Mid January, 2004
Well, they don’t call it “sea duty” for nuthin’!
My carrier strike group is back at sea once more, only 3 months after our return from our last deployment. Luckily I completed my computer rebuild just in time to bring it with me on the ship. After setting the PC up in my stateroom, I brought in a pilot buddy of mine who’s also a big NR2003 fan and online racing partner. I wanted to show him my new Officer Stateroom Entertainment System in all its glory. We watched one race replay, then I decided to alter my in-game graphics settings with the game’s graphics settings program. When I got back in the game, I discovered to my horror that the cars were all poorly rendered, with large strings of texel triangles replacing all the sharp lines and color demarcations on each car. The game looked horrible, like some modern art interpretation of a NASCAR race! Resetting my graphics to the original resolution didn’t fix the problem. I started wondering if I had damaged the mobo or graphics card somehow, or if I had botched the Windows install.
After hours of fruitless troubleshooting, I tried using some NR 2003 graphics tweak tips from a web site devoted to racing sims. Making some of their suggested changes to the player.ini and d3d render.ini files in the game regarding texture sizing, I got the good looks and clean lines of the cars back. Somehow the graphics engine had put in a bogus entry to the .ini files during its test of my graphics card, and my alteration to them fixed the problem. I am still at a loss to explain how this happens (and it still does). At least it wasn’t a hardware problem, and I now know how to fix it. Perhaps an update to Windows will fix this problem — or a new graphics card.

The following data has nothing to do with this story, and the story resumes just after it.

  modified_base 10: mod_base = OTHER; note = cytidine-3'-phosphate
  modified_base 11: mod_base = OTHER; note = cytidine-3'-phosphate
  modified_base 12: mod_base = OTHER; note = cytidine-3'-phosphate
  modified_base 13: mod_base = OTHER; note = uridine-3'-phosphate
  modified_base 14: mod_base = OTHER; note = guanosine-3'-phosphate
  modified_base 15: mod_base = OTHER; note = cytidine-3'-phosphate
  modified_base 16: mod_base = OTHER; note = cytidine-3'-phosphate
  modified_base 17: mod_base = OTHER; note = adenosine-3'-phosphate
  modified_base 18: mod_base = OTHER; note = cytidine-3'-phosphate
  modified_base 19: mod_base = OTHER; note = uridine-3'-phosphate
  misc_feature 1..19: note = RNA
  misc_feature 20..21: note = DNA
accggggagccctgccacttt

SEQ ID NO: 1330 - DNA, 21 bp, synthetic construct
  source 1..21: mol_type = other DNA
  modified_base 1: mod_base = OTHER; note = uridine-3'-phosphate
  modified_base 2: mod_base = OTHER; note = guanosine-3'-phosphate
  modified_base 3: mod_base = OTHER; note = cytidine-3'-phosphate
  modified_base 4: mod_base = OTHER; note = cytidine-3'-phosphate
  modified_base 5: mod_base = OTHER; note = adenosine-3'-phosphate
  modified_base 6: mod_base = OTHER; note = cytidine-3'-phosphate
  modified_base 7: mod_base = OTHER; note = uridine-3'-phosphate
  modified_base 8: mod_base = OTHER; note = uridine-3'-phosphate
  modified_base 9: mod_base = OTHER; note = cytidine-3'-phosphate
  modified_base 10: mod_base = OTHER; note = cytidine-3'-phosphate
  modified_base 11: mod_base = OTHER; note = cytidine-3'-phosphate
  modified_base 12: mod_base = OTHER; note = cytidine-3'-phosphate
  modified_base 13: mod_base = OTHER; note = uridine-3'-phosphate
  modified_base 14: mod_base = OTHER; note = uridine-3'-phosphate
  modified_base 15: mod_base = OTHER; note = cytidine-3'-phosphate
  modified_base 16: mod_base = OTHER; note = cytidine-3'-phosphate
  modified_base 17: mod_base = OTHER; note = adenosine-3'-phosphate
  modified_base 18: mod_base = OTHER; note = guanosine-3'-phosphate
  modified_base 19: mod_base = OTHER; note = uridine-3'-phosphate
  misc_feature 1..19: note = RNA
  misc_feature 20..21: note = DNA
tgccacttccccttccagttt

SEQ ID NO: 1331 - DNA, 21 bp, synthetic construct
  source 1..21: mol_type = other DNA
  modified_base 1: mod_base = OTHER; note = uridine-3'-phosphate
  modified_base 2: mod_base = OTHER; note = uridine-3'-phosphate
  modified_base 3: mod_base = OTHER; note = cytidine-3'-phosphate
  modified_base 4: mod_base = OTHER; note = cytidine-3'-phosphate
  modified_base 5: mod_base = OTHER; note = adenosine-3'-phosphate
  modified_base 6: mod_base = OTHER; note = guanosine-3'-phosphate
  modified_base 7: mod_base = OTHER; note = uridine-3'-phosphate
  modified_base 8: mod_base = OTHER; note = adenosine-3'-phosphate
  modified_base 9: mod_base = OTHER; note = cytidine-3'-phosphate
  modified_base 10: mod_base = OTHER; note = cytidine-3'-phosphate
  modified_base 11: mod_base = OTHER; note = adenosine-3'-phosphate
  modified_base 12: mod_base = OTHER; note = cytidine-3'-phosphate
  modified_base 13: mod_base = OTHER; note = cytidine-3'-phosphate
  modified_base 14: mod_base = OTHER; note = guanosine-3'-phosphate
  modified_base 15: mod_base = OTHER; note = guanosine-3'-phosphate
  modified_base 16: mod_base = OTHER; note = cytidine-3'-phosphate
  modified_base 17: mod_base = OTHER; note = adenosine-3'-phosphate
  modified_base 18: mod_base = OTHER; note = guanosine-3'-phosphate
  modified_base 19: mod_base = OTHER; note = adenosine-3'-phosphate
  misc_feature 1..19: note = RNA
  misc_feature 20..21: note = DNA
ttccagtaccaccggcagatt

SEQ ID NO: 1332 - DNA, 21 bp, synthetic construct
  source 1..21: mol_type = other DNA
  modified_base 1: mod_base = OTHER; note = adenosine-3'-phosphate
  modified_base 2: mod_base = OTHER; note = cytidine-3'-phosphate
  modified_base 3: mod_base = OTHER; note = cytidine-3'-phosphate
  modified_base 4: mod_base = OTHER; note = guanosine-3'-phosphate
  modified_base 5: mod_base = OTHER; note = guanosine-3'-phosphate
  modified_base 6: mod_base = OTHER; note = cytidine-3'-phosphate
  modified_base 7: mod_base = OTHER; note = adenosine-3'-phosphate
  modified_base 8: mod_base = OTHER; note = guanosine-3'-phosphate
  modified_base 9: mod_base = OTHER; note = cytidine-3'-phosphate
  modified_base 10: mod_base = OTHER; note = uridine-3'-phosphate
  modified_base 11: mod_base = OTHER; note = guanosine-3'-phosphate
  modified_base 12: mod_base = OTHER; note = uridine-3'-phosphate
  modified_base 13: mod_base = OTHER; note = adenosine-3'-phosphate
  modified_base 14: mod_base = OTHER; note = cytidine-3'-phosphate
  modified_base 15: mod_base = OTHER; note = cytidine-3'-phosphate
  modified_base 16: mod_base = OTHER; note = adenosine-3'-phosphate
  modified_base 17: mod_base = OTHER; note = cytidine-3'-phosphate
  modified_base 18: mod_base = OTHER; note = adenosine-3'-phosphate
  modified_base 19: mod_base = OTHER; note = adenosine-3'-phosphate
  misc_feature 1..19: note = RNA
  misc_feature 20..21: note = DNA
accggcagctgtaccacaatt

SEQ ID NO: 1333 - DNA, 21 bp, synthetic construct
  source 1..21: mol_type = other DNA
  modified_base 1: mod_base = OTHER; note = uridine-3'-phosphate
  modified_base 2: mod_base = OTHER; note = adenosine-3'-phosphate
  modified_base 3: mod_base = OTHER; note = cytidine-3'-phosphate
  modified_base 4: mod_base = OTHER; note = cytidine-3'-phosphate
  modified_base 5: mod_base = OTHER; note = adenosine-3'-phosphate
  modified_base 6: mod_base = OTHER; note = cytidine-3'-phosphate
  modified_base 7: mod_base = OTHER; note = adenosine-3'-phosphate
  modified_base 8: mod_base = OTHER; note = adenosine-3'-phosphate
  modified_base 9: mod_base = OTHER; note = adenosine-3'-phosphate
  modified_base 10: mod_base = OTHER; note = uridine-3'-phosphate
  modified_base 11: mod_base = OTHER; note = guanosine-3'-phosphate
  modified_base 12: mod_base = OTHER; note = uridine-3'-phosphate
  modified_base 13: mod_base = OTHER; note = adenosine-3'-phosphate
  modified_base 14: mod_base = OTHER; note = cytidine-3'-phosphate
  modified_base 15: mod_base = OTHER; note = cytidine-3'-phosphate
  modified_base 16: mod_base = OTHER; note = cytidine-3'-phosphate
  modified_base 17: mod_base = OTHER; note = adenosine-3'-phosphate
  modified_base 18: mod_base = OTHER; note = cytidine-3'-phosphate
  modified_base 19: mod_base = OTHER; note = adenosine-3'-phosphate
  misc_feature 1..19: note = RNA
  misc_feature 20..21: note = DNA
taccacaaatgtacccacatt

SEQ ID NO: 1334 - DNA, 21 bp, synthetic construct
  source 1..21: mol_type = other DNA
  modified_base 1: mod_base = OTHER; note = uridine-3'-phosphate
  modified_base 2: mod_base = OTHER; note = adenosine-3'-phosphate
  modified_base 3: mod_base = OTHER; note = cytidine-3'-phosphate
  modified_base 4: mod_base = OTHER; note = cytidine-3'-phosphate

Having tried a few races in NR 2003 season, I noticed that the in-game sounds on my rig were, well, awful. Having played the game on my wife’s Dell, I was aware of NR 2003’s penchant for the occasional snap, crackle and pop during races (much like the sounds on an old LP record, for those that can remember such things). While I also had these artifacts on my home-built’s sound, the sound coming through my on-board sound chip had even more issues. It was very flat in tone, and I was unable to discern tire noise above the engine sounds being generated. The sound card didn’t seem to be able to generate all the various sound in NR 2003 at the varied output levels commanded by the game. Since the sounds in NR 2003 provide critical car performance cues in a race as a way of compensating for the lack of “seat of the pants feel” (much like the airframe buffet cues in MiG Alley or IL-2 FB), you can’t very well race at peak performance without them. On top of that, my sound card couldn’t decide how to present the engine noises, so it frequently made random “burping” noises about 10 dB greater than the nominal sounds, with a lot of distortion added in for good measure. This inability to present the sounds of NR 2003 in any acceptable manner was a no-go for me, so I opted to purchase my new Audigy 2 ZS at my next liberty port of call. As our next port call timed perfectly with my payday, a quick trip to a local computer hardware warehouse store was all that was needed to pick up a new Audigy 2.